This week marks the commencement of a colourful and potentially powerful campaign from Valenstein & Fatt (the creative agency formerly known as Grey London) and Vodafone Ireland. Headbomz is a schools programme aimed at children aged between eight and ten years old to remind them that “Talking Makes Us Stronger.” The campaign was created in partnership with ISPCC Childline and is designed to assist parents and teachers to show children how talking makes us stronger.
The colourful animation and song that headlines the campaign puts unique and fun spin on the concept of squashing problems as they arise through talking about the problem rather than keeping it all bottled up. The Headbomz animation was created to deliver the important message of “Talking Makes Us Stronger” to classrooms across Ireland. The catchy song is inspired by the squidgy, squelchy stuff that happens in children’s heads – those feelings that build up until their head feels like bursting! The film was created by Aardman studios, the creators of Shaun the Sheep and Wallace & Gromit, together with song writer Vikki Stone who currently presents the BBC Proms Podcast.
Dan Cole and Andy Garnett, Creatives at Valenstein & Fatt, said: “Headbomz are exactly as they sound. If you don’t talk about the things on your mind, they fill your whole head up until it feels like its about to go BOOM! Which is a pretty cool side effect. All we did was take that slightly gory, squelchy idea of kids heads exploding and tell them how to avoid it… simply by talking. Because talking makes you stronger and keeps your head for longer.”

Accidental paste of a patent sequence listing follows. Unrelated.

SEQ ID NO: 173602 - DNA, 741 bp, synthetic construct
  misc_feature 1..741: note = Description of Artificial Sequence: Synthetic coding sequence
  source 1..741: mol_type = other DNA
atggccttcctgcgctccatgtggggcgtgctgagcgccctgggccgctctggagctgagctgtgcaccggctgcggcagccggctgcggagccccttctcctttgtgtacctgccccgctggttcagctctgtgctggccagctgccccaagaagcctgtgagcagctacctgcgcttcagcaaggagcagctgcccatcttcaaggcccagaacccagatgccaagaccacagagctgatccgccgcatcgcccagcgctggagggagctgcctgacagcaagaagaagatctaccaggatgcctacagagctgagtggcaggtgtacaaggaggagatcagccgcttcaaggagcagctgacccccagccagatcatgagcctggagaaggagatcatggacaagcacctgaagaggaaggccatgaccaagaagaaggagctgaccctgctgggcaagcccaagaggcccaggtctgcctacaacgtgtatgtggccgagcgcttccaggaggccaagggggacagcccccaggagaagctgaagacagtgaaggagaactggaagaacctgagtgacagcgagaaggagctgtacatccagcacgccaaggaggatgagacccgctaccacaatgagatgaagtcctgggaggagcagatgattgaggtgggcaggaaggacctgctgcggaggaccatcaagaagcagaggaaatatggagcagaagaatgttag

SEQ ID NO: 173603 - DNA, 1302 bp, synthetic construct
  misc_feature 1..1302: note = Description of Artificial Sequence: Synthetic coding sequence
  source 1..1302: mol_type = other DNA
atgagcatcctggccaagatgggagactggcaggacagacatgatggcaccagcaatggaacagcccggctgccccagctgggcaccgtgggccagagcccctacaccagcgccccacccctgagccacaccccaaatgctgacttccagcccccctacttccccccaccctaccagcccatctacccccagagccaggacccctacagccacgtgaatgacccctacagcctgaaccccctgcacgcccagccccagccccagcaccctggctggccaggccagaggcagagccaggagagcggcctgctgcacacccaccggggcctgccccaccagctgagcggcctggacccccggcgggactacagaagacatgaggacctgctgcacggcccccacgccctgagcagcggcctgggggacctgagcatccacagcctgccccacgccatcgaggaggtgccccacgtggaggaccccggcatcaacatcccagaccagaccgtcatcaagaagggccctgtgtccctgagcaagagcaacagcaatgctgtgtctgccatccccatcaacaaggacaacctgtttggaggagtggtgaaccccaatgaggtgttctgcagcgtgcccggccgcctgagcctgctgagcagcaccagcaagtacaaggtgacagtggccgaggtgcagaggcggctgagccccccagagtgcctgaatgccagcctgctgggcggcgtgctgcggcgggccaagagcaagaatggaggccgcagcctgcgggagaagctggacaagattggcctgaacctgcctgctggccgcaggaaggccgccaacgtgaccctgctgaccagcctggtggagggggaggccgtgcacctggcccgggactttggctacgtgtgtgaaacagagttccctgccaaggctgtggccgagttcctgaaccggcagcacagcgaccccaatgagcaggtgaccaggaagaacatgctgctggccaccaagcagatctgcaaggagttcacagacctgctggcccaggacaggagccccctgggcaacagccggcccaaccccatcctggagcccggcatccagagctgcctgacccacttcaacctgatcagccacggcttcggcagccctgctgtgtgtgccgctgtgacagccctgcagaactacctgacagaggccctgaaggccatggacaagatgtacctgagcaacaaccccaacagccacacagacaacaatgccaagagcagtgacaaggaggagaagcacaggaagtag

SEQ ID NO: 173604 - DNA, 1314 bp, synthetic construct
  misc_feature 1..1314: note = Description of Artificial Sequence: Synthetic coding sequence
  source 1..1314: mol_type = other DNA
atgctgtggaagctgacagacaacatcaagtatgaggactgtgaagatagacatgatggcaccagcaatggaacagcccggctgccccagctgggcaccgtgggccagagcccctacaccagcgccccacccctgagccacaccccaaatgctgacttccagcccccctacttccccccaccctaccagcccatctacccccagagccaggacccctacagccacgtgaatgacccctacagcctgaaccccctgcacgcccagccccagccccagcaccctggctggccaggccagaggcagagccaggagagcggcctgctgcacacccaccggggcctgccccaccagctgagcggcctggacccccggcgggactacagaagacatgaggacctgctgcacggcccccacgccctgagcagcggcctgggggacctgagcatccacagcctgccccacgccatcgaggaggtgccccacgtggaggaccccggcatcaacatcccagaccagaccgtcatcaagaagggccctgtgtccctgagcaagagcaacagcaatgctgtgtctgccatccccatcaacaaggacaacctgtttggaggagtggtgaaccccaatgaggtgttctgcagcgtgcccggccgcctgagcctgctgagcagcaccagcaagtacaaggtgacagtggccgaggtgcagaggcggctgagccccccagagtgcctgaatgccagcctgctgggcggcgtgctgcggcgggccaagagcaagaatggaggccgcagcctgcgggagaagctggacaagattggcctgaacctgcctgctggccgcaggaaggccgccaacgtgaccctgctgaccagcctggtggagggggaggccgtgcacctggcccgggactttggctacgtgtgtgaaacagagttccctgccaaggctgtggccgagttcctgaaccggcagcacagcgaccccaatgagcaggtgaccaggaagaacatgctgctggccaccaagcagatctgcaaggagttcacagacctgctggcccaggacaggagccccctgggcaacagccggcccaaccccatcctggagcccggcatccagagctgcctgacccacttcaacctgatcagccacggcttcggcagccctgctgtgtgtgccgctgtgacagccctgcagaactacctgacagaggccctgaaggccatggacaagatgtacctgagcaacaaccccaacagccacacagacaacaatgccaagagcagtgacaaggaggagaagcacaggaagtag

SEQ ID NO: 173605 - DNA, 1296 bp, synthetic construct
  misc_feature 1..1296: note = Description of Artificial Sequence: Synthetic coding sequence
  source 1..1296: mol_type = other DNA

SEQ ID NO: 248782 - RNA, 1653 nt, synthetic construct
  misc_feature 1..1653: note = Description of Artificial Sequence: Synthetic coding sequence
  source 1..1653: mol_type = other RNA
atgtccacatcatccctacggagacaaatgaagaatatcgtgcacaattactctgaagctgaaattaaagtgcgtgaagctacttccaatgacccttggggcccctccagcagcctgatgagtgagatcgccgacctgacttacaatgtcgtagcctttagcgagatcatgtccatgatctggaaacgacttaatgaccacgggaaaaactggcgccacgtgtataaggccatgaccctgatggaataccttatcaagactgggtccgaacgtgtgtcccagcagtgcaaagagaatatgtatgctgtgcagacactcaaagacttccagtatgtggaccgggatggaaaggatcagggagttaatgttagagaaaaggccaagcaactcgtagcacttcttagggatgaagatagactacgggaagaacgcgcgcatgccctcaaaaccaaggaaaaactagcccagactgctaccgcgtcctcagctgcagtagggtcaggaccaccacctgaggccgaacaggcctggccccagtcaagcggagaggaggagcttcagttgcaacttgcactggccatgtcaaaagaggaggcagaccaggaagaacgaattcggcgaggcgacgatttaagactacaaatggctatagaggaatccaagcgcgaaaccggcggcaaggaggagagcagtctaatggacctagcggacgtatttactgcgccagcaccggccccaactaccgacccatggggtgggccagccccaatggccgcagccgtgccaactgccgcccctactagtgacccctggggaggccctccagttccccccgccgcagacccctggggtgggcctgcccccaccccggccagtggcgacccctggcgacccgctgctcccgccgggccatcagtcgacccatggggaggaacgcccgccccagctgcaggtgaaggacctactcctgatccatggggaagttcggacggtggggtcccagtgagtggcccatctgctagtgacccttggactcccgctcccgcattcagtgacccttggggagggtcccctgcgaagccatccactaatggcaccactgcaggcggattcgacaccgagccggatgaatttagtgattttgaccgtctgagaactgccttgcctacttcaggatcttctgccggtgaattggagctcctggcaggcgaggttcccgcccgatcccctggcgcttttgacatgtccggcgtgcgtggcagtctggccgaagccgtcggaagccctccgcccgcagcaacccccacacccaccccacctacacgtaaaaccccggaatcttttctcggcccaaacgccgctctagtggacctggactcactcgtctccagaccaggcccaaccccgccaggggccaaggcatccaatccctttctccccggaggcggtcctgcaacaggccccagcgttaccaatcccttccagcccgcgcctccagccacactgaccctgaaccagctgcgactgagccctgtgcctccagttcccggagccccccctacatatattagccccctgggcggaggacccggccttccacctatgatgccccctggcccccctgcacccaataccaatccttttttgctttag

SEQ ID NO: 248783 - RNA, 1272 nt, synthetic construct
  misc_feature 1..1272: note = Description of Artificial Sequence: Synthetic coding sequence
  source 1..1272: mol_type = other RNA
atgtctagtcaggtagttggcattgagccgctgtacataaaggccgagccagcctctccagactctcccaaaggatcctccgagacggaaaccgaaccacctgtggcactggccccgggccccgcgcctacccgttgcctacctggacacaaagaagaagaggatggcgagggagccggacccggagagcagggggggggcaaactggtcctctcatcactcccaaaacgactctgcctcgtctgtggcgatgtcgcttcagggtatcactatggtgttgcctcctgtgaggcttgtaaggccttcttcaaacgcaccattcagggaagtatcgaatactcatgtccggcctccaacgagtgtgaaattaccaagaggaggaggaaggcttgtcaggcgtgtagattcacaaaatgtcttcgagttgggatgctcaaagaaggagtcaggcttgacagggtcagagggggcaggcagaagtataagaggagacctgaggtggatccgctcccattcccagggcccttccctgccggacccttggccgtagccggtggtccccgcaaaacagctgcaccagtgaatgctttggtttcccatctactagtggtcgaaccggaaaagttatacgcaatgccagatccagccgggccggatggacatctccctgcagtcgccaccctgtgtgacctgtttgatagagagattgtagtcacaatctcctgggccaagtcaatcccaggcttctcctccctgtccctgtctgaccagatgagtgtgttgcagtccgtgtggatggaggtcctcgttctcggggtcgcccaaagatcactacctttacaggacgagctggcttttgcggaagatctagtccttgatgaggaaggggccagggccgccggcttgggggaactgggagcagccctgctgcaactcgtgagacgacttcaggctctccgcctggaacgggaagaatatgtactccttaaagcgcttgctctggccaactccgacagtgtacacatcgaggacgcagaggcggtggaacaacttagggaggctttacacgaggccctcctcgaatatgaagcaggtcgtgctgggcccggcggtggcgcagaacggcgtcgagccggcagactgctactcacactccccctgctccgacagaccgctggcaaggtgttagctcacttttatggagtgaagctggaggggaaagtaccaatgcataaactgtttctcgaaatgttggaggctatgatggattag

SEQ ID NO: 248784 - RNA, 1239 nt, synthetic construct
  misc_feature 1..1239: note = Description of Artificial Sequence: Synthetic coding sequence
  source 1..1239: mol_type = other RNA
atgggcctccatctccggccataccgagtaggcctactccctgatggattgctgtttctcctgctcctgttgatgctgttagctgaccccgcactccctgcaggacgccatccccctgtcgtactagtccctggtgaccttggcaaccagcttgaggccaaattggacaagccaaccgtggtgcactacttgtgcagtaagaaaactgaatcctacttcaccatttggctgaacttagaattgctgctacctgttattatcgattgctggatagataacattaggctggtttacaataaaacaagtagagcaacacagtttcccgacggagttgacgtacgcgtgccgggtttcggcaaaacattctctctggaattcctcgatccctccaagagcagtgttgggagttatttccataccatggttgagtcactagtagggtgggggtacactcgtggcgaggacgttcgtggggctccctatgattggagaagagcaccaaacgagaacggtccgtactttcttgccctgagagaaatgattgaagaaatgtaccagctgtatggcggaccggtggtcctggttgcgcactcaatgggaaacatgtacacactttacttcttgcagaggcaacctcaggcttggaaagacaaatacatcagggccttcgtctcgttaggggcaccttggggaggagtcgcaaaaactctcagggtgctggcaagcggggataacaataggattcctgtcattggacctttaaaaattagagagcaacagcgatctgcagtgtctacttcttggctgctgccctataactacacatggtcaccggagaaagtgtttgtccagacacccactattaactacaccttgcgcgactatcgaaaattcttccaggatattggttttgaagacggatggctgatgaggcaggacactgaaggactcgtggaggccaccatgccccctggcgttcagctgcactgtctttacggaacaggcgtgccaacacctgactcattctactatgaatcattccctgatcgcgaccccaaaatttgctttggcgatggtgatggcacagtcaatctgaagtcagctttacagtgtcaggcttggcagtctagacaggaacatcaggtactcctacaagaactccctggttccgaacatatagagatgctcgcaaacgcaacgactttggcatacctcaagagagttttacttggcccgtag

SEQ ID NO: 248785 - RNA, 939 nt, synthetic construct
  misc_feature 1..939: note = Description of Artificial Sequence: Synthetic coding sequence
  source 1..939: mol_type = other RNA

The entertaining, light hearted educational programme has been developed in response to new research conducted by ISPCC Childline and Vodafone among Irish children and a panel of Irish childcare experts, showing that children in this age bracket need more support to help them open up about their problems. 95% of children who participated in the research agreed it is essential to have someone to listen to them and help them solve problems, citing bullying, limits to freedom and parental problems as key areas for concern.
Åsa Lucander, Director at Aardman adds: “It’s been great fun coming up with the visual style for ‘Headbomz’, it’s not often I get the opportunity to design gory, squelchy illustrations! I think the fun creative will really resonate with kids in the target age group and help to spread the ‘Talking Makes Us Stronger’ message that can often by hard to broach with youngsters. It’s such an important topic and one I know both myself and Aardman are very proud to support.”
The aim for the song is to have it played in classes across the country, and be the conversation driver that helps get children talking! Schools’ packs will also be distributed to help teachers roll out the programme, including teachers’ letters introducing Headbomz, USB sticks with the karaoke version of the film, sticker sheets to help facilitate a fun discussion with pupils, interactive colouring sheets and posters for the classroom. The school packs will be delivered to schools up and down the country from today (May 22).
Anne O’Leary, CEO at Vodafone Ireland adds: “We are excited to bring Headbomz to life. We see it not just as a schools programme, but more as an important cultural movement among children and families in Ireland to start talking more openly together. By talking about the small stuff on a more regular basis, children will learn to become more comfortable to talk about the bigger problems they encounter. It’s only the beginning for Headbomz and we look forward to getting the nation’s children talking as they grow for years to come.”